When does this bloom?
Where does this bloom?
Common along roadsides.
The name dandelion is derived from the Old French, dent-de-lion, which literally means “lion’s tooth”. It refers to the sharply-lobed leaves of the plant. Dandelions are perennial, tap-rooted plants which are native to the Northern Hemisphere in all its temperate areas . Commonly known as a weed, this plant is actually very commplex with a variety of macrospecies. Over 250 species have been recorded in the British Isles alone.
The leaves of the dandelion grow at the base and can range from 5 to 25 cm long. They can be entire or lobed and form a rosette above the taproot. As this plant grows, its leaves will grow outward along the ground covering up any vegetation and eventually killing it by blocking off the sunlight. The plant produces a bright yellow flower head which is open during the day and closed at night. Dandelion plants can produce multiple flowering stems with flower heads ranging from 2 to 5 cm in diameter. However, there is only one flower per stem and it can rise as high as 4 to 30 cm above the leaves. The stem of a dandelion plant will discharge a milky sap if broken.
Despite being labeled as a pest or weed by many lawn owners and gardeners, the dandelion does have a few culinary and medicinal uses. The dandelion plant can be eaten cooked or raw in dishes such as soups or salads; for these purposes it is grown commercially but on a very small scale. It would probably be most easily compared to characteristics of mustard greens. Dandelion salads are often topped with hard boiled eggs. The leaves of the dandelion are very high in Vitamin A and Vitamin C and also contain more iron and calcium than spinach. Dandelion flowers are also useful and can make wine and jams. When the root of the dandelion plant is ground up and roasted it can be used as a substitute for coffee. Drinking this before a meal is believed to stimulate digestive functions.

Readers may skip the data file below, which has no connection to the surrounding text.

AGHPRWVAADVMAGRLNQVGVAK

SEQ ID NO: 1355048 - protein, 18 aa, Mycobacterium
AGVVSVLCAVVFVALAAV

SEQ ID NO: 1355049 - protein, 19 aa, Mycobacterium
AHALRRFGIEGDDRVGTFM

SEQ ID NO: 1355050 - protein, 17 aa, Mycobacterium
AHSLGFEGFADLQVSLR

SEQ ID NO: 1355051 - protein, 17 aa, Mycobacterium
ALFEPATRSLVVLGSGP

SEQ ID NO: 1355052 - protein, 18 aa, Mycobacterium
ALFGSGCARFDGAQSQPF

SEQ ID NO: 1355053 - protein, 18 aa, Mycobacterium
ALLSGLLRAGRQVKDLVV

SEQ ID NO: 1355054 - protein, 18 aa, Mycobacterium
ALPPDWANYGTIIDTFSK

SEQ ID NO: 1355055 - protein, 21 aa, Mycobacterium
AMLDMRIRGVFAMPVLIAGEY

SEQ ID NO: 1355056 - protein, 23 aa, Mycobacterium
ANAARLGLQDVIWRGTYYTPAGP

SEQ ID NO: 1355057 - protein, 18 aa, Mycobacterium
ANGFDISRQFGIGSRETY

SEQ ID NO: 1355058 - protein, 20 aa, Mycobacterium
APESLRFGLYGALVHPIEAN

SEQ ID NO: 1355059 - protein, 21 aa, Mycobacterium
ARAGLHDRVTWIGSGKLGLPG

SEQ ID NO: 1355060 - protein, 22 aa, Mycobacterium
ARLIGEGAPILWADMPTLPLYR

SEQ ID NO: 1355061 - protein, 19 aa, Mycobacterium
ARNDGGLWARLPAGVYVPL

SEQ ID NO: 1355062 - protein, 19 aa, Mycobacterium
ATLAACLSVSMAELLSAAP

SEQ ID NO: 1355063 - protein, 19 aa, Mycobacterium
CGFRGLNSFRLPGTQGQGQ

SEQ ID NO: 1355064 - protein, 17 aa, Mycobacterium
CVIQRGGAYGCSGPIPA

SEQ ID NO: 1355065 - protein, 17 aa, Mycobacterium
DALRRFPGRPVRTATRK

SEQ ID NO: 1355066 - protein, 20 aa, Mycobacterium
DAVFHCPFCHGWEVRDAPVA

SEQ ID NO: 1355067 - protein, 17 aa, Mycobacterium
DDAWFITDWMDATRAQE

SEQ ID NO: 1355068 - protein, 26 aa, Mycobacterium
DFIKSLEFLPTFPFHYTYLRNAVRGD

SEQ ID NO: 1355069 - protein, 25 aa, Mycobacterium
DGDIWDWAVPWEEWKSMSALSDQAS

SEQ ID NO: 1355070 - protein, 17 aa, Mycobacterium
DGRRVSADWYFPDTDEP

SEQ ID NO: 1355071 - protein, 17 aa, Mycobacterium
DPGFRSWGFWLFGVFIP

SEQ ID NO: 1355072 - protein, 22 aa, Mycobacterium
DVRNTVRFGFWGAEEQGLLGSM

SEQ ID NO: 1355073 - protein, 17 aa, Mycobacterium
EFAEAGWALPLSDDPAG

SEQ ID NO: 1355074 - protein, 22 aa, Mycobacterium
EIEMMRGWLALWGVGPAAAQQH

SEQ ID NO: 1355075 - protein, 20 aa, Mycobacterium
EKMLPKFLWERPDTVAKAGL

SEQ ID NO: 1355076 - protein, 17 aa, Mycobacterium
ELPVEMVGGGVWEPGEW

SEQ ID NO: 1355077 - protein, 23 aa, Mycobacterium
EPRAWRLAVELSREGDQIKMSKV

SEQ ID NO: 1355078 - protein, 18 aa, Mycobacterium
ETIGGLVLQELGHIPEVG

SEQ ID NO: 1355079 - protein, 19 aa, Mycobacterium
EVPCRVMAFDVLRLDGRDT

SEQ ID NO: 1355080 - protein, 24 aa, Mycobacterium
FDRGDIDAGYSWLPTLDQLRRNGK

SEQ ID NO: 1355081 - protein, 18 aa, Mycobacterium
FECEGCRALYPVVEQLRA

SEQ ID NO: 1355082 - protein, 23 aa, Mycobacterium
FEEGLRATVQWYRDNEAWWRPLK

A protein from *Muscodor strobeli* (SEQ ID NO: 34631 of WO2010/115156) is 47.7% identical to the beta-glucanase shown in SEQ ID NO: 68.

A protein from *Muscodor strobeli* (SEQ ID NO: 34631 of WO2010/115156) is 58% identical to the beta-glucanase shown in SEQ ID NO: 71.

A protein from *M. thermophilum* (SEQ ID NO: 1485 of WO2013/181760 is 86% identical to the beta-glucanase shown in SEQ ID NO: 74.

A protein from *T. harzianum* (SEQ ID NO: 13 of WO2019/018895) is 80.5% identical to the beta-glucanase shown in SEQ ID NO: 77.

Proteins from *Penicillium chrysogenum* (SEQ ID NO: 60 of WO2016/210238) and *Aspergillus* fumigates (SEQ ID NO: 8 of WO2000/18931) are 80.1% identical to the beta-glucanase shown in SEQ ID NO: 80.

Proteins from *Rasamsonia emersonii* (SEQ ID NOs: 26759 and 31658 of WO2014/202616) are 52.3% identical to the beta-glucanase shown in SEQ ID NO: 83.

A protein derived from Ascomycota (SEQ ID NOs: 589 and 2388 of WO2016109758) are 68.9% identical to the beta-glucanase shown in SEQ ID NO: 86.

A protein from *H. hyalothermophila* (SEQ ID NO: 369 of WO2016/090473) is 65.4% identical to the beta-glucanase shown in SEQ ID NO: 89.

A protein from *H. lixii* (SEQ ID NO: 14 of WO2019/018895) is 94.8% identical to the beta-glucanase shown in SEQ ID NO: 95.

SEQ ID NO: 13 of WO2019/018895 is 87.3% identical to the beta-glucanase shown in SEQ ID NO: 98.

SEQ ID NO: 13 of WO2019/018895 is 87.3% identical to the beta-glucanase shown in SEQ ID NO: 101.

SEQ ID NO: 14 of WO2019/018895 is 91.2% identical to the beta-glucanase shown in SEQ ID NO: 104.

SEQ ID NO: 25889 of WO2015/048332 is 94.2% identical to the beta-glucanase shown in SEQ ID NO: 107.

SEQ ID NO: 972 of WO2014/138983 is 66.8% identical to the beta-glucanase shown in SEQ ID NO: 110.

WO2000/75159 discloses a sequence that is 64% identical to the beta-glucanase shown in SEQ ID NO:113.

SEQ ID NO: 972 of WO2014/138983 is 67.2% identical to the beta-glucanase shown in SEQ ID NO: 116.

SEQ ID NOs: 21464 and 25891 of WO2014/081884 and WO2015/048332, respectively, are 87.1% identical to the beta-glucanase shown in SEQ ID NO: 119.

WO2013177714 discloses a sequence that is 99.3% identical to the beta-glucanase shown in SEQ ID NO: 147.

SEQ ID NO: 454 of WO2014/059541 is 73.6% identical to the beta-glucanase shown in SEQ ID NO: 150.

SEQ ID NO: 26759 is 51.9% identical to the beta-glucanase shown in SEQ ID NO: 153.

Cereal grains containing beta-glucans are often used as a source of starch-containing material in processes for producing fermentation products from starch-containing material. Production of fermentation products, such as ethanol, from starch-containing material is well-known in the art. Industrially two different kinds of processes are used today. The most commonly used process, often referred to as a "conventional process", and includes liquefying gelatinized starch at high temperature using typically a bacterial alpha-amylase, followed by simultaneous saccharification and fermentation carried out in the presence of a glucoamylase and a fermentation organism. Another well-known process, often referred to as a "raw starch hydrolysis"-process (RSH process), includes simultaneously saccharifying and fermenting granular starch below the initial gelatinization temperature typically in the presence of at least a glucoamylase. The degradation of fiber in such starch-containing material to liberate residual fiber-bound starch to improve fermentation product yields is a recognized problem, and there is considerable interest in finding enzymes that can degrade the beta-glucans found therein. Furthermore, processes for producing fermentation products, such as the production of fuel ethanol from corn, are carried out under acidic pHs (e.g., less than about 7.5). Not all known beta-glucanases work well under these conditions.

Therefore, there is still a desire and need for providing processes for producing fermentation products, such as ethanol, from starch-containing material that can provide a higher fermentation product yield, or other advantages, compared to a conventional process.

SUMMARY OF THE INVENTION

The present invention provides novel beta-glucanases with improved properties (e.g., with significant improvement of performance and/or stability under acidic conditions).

In Canada the dandelion root is registered as a drug and sold as a diuretic. Dandelions have such a strong effect in this sense that children have been known to wet their beds at night after having skin contact with the plant. There is a leaf decoction that can be drunk for the treatment of anemia, jaundice, and nervousness.